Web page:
“I want to be the Irish Nietzsche”: what the Übermensch meant to Bernard Shaw
By Michael Holroyd - 18 June 12:08

What did Shaw admire in Nietzsche? In the absence of God, both were seeking a purpose.

James Rhodes performs at the Queen Elizabeth Hall. Photo: Amy T. Zielinski/Getty Images
In pianist James Rhodes' self-hatred, there is a compelling case for empathy
By Caroline Crampton - 18 June 12:06

In his memoir Instrumental, it feels at times as though Rhodes is daring you to dismiss him, to find his story trivial or inferior.

Meditate wildly: a drawing by Kundera from the 1970s.
In Milan Kundera’s first new novel in 15 years, the novelty begins to wear thin
By Leo Robson - 18 June 11:53

Over the past 30 years, virtually all of Kundera’s innovations have been either imitated or overtaken. Kundera's challenge is to outlive his own novelty.

The great outdoors: much of the new writing on nature explores both the internal and external worlds of the authors. Photo: Sandra Cunningham/Trevillion Images
Death of the naturalist: why is the “new nature writing” so tame?
By Mark Cocker - 17 June 10:05

The so-called new nature writing has become a publishing phenomenon, but how much do its authors truly care about our wild places?

Bloomsday celebrations: outside Sweny’s, where you can still buy Leopold Bloom’s lemon-scented soap. Photo: JULIEN BEHAL/PA ARCHIVE/PRESS ASSOCIATION IMAGES
Following in James Joyce's footsteps: meet the ordinary people keeping Ulysses alive
By Stephen Cox - 16 June 12:13

A visit to Sweny's chemist in Dublin, which still sells the soap Leopold Bloom buys in Ulysses, reveals those who are keeping the book alive.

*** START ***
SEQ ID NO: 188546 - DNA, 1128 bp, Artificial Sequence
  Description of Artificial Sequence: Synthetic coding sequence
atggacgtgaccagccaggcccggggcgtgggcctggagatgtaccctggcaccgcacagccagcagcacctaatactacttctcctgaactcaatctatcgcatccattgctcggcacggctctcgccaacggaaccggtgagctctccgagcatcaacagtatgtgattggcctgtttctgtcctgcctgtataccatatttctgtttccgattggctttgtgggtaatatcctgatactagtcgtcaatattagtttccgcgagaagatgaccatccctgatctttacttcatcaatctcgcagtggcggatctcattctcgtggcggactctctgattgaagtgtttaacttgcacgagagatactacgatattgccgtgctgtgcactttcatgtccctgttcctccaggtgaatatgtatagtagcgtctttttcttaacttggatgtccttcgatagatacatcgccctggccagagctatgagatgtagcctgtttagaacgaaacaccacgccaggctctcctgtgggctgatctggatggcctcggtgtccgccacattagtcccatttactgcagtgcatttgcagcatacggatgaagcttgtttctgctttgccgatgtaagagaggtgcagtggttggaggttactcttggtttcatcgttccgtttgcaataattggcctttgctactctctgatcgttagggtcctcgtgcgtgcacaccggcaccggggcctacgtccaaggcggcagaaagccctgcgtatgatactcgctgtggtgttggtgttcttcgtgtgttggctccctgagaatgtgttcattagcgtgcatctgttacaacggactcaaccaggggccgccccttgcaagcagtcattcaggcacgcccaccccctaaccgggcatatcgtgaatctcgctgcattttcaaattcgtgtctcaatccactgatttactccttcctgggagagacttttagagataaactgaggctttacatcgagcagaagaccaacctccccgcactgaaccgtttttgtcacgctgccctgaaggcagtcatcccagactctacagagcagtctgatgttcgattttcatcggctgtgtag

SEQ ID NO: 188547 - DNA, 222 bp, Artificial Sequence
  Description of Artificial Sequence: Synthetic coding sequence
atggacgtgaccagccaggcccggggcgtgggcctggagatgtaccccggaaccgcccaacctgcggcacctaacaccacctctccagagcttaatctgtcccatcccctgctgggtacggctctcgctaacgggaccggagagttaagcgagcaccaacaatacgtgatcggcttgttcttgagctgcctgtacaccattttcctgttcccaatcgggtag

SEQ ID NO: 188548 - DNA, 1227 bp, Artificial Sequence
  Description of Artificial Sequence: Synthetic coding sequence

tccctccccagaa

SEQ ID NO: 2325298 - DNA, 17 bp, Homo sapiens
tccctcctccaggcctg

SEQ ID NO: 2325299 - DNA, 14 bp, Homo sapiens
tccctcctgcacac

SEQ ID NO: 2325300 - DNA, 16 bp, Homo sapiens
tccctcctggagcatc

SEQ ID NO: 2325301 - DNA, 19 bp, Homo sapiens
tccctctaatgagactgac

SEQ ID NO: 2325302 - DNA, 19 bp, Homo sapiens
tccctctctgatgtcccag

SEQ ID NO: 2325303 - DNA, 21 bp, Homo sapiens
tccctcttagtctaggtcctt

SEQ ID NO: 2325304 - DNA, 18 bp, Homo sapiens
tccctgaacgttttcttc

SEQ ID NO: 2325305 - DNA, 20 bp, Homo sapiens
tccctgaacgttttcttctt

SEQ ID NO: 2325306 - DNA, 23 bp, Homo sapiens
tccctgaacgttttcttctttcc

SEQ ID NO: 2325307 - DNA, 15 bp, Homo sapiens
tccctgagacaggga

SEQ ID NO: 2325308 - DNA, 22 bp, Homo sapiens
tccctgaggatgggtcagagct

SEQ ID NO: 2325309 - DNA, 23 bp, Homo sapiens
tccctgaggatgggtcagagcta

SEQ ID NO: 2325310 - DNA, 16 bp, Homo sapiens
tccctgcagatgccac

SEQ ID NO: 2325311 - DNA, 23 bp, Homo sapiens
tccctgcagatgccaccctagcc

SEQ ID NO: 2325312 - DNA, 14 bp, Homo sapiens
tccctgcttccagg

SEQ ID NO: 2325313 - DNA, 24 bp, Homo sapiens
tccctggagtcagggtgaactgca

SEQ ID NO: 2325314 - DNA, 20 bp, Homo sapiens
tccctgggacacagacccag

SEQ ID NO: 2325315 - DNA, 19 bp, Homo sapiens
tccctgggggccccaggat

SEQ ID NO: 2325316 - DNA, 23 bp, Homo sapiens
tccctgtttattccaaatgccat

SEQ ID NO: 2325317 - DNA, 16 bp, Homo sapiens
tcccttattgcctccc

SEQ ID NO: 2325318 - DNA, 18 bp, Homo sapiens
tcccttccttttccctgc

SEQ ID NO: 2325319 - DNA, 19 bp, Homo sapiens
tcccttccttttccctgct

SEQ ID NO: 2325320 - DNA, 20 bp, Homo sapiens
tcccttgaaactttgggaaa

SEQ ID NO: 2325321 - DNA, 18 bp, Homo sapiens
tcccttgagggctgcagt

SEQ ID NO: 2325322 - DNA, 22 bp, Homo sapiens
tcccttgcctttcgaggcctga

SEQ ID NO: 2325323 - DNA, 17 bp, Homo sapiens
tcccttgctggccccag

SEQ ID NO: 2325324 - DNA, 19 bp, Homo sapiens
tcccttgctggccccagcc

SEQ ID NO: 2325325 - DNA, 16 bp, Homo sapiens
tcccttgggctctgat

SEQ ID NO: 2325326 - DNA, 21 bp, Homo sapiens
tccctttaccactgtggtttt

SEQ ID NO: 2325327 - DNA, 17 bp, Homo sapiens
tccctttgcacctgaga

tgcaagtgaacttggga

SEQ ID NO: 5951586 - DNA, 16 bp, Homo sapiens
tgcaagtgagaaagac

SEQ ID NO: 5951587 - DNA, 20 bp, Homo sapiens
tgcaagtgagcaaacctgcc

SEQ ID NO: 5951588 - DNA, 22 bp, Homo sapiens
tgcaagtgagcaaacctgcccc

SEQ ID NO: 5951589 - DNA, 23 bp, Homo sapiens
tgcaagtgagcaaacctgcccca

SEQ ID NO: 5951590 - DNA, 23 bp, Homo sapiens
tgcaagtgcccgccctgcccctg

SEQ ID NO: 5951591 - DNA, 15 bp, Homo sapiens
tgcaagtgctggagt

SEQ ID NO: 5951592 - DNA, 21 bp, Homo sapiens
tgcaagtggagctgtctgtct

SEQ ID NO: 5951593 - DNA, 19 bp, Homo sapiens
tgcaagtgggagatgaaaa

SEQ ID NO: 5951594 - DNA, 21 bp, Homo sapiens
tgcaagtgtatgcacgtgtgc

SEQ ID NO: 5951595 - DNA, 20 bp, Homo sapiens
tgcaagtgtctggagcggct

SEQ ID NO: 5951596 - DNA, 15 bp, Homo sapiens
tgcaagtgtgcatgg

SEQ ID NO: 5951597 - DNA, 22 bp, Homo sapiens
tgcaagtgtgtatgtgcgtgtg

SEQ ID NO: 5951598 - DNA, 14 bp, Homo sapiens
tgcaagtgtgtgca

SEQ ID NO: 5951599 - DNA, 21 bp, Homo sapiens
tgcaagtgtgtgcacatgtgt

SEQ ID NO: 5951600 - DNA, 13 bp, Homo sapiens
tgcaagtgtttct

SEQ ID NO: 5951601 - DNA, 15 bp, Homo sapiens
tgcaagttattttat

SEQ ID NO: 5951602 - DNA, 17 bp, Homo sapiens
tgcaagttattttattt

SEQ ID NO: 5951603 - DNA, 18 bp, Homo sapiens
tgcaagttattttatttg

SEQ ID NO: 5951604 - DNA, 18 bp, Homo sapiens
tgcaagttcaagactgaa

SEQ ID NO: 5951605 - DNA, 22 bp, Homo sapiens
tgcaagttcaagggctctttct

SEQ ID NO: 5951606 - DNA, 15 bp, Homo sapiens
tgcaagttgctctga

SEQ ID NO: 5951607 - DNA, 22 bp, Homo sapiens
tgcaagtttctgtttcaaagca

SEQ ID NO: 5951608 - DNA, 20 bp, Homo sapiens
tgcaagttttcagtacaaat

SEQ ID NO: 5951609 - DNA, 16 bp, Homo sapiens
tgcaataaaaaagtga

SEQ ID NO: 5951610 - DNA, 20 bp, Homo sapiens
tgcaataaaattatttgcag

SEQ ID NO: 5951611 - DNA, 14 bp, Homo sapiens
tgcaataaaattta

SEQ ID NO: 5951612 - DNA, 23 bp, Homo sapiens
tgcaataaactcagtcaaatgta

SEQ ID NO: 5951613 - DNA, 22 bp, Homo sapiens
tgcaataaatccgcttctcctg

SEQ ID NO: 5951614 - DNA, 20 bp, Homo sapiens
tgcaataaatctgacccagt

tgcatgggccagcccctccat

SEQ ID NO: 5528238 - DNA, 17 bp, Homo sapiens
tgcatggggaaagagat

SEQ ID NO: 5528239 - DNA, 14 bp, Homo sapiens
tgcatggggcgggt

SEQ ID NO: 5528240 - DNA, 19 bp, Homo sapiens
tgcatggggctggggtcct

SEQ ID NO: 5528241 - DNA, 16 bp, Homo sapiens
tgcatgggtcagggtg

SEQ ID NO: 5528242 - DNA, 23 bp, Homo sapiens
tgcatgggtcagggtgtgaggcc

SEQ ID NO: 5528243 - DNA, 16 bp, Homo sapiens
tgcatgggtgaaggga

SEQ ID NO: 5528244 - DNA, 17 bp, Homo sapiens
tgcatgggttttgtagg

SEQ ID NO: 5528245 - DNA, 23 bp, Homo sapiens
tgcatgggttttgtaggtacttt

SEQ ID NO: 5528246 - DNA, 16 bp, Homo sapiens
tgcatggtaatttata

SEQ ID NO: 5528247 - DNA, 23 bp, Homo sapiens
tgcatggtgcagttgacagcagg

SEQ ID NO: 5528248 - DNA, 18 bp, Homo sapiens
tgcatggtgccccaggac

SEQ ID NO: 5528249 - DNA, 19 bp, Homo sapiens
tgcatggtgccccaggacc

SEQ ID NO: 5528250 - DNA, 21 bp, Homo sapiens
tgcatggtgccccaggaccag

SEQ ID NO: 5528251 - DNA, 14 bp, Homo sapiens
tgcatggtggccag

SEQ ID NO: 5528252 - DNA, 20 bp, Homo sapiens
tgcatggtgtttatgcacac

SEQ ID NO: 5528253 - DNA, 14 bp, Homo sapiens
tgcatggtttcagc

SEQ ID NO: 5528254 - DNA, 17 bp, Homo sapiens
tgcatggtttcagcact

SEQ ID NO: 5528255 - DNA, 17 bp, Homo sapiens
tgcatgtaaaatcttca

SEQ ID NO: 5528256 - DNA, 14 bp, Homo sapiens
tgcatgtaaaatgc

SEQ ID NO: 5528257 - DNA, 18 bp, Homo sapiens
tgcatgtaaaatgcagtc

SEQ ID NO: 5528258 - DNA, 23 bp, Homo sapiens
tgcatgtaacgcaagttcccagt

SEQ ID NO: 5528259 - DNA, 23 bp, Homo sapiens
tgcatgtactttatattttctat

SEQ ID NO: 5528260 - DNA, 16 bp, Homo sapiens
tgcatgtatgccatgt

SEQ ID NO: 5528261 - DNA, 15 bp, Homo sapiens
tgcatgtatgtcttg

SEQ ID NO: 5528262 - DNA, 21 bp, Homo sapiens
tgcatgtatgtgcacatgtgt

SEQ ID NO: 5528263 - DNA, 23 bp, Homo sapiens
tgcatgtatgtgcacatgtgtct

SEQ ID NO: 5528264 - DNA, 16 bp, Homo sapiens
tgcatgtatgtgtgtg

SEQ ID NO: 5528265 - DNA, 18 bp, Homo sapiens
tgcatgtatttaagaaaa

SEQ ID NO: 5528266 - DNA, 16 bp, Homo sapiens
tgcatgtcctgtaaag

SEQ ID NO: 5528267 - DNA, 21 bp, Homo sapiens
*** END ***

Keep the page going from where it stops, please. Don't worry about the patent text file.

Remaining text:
Chasing the dragon: the 19th-century craze for opium made a fortune for many adventurers. Image: William Douglas Almond/ Private Collection / © Look And Learn / Illustrated Papers Collection / Bridgeman Images
Amitav Ghosh concludes his Opium War trilogy in brilliant, ramshackle style
By Randy Boyagoda - 11 June 8:53

Amitav Ghosh’s new novel, Flood of Fire, takes you to the end of its exploring, only to hint that the story is just beginning.

Sound investment: the history of the record industry is a tale of technology, stars and shady deals. Photo Montage by Dan Murrell
Music is free now – and the industry only has itself to blame
By Bob Stanley - 11 June 8:35

Bob Stanley unpicks the recording industry’s tangled history of takeovers, piracy and changing technology.

Quite contrary: a portrait of Mary Wollstonecraft (circa 1787) by John Keenan. Photo: Private Collection/Bridgeman Images
Finding vindication: on the intertwined lives of Mary Wollstonecraft and Mary Shelley
By Melissa Benn - 11 June 8:27

Charlotte Gordon has managed to produce that rare thing, a work of genuinely popular history.

Inscrutable and rootless: the Boston Marathon bomber Dzhokhar Tsarnaev. Photo: Rex
Condemned to death, Boston Marathon bomber Dzhokhar Tsarnaev remains inscrutable
By Nicky Woolf - 11 June 8:06

That evil is banal has been observed. The route to it in the case of the Tsarnaevs was a meandering path to which hindsight can bring little meaningful insight.